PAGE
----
In 2005, the President announced that the ultimate objective of the Accelerated and Shared Growth Initiative of South Africa is to halve unemployment and poverty by 2014 (Barker, 2007: 187). It is not intended to cover all elements of a comprehensive development plan; rather it consists of a limited set of interventions to complement GEAR (RSA 2006- Barker, 2007: 187). This particular strategy, highlights the following binding constraints: the volatility and level of the currency; the cost, efficiency and capacity of national logistics systems; the shortage of suitably skilled labour amplified by the cost effects on labour of apartheid spatial patterns; barriers to entry, limits to competition and limited new investment opportunities; the regulatory environment and the burden on small and medium businesses; and the deficiencies in state organisation, capacity and leadership (Barker, 2007: 187). The response to the constraints is a combination of systematic initiatives, optimising on public expenditure, improving the environment to do business in South Africa and also removing bottle-necks (Barker, 2007: 187).
This is a new structure that is led by a committee of relevant Ministers, business leaders, trade unionists and education and training providers or experts (Barker, 2007: 188). Its main job is to confirm the urgently needed skills find quick and effective solutions (Barker, 2007: 188). Its interventions focus more in the second economy, which intends to create sustainable bridges between first and second economies to enable growth and graduation to a sustainable economy (Barker, 2007: 188). This will done by focusing on growth cooperatives; unlocking the value of assets in poor people’s hands; small business; public works programmes, especially training; women in training; and also the youth (unemployed graduates), even the public administration issues and the macro-economic issues are dealt with in this form of policy (Barker, 2007: 188).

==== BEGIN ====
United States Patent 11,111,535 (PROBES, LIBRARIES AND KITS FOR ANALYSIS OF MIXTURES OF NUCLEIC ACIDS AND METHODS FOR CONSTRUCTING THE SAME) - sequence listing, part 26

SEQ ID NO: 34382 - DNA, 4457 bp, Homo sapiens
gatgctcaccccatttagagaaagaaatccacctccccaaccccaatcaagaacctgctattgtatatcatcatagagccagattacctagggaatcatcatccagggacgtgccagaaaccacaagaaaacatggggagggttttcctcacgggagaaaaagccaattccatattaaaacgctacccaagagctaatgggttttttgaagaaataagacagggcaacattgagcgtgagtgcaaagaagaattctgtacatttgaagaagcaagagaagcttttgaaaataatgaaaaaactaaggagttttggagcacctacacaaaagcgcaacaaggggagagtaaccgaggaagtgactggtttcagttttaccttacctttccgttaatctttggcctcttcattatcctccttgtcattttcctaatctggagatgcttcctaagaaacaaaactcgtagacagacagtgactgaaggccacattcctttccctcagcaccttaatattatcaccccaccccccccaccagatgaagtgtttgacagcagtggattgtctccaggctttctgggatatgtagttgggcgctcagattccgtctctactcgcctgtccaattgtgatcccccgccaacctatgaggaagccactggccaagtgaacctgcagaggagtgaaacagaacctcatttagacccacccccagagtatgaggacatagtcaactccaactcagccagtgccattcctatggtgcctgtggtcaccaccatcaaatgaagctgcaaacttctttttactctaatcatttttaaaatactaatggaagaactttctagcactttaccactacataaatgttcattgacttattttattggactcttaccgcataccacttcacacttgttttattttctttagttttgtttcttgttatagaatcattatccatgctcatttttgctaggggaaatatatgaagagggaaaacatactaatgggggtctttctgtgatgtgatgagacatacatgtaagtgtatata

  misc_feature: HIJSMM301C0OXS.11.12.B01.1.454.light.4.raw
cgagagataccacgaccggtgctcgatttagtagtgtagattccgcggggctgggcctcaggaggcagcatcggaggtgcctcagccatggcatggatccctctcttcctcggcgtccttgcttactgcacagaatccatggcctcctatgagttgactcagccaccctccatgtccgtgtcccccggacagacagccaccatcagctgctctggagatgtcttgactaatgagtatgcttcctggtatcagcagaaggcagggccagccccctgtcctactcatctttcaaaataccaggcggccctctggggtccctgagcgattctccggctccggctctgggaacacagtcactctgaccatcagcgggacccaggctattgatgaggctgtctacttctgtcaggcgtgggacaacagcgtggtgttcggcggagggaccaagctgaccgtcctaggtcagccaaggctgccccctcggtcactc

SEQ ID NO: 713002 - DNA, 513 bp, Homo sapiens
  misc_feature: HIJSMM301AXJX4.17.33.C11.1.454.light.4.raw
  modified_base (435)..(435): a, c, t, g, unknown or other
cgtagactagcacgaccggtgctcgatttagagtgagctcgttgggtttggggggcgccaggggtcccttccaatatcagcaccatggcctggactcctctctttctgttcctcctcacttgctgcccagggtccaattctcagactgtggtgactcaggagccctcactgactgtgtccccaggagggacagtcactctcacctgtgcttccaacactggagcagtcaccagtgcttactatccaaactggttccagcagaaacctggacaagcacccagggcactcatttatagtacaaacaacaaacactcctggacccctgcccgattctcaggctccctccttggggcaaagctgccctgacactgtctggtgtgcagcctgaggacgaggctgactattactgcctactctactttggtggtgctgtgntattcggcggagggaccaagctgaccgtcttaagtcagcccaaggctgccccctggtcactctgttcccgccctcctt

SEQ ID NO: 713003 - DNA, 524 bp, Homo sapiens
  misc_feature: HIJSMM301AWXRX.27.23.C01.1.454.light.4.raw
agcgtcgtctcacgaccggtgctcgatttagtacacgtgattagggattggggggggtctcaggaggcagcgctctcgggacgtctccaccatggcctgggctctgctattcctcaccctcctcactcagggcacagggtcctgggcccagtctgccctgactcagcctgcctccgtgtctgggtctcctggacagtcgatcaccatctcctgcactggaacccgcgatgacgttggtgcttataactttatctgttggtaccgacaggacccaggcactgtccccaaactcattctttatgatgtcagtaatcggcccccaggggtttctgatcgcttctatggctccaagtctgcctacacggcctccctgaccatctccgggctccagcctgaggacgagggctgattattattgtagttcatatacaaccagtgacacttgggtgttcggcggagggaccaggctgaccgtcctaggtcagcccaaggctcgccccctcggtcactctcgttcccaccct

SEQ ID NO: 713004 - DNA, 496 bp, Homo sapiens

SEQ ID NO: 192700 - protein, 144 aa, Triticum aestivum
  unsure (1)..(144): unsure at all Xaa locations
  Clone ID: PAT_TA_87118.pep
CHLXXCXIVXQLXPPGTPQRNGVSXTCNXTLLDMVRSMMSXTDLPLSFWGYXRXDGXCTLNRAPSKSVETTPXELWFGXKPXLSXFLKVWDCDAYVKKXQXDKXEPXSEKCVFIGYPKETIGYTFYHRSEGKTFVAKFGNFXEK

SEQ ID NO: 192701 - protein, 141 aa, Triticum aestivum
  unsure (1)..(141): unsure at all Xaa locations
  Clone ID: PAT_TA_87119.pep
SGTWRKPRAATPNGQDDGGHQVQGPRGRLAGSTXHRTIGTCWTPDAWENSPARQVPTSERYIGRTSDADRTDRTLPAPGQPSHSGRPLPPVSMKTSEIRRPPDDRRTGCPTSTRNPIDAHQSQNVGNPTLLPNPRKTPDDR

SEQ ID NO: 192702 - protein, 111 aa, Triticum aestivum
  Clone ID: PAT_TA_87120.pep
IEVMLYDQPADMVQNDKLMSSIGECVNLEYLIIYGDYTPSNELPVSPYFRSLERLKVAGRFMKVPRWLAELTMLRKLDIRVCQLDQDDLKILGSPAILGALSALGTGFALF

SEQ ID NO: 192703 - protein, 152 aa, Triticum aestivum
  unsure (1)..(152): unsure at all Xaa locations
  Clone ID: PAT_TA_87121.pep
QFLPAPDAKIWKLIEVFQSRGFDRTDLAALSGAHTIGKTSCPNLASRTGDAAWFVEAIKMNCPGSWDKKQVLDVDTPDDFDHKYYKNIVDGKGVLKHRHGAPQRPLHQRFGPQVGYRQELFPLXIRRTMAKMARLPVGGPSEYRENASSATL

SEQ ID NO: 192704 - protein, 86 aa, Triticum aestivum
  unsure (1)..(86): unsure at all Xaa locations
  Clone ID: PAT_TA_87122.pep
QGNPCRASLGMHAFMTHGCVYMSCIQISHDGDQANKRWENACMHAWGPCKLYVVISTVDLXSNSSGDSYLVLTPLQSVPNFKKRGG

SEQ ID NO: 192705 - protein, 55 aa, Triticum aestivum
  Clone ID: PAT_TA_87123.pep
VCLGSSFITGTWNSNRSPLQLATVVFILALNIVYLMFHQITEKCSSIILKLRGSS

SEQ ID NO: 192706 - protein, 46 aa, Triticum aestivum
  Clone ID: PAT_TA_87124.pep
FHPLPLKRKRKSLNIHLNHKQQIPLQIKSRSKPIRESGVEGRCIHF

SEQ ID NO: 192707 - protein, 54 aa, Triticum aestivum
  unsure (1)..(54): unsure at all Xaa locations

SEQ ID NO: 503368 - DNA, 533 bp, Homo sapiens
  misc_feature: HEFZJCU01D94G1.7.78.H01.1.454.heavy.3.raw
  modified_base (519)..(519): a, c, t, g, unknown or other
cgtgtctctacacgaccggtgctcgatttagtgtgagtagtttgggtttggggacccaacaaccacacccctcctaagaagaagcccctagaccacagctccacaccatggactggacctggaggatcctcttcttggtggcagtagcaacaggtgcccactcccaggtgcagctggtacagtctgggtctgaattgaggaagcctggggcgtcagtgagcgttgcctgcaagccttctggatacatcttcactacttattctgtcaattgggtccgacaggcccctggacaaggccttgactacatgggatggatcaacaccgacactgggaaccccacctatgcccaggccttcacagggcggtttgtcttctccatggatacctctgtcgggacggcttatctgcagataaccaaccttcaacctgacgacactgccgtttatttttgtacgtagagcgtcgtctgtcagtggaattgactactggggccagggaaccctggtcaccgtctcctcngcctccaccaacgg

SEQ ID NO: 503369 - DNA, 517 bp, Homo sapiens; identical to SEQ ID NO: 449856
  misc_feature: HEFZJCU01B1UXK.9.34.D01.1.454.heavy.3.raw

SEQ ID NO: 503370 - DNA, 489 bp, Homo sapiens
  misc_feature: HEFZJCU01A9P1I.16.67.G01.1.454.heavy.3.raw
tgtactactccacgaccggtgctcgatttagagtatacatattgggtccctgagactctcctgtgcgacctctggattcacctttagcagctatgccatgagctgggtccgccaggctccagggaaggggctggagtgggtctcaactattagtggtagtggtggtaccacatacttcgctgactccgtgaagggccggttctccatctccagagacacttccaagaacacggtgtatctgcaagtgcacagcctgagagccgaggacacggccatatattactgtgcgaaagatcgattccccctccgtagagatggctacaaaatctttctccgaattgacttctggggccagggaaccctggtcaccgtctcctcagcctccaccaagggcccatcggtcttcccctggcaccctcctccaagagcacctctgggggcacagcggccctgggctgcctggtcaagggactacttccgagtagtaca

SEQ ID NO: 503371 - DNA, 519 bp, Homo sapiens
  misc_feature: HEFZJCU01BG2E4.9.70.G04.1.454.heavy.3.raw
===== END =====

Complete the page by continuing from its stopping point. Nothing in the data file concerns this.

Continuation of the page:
South Africa does not have a system of social security and therefore urgently requires a programme to assist unemployed persons who do not receive unemployment insurance (Barker, 2007: 194). According to the Reconstruction and Development Programme, the key in which special measures to create jobs can lead to building the economy and meeting basic needs is in redressing infrastructure disparities (Mafiri, 2002: 66 ed Barker, 2007: 195). The government’s strategy refers to the following: clean cities campaign (the delivery of waste services to poorly serviced areas); working for water (clearing invasive alien vegetation); land care campaign (rehabilitation and conservation of natural resources); municipal infrastructure programme (for low income areas); welfare programmes (which offer training, education and other opportunities for destitute); and community-based public works programmes (primarily in rural areas) (Barker, 2007: 195 & 196).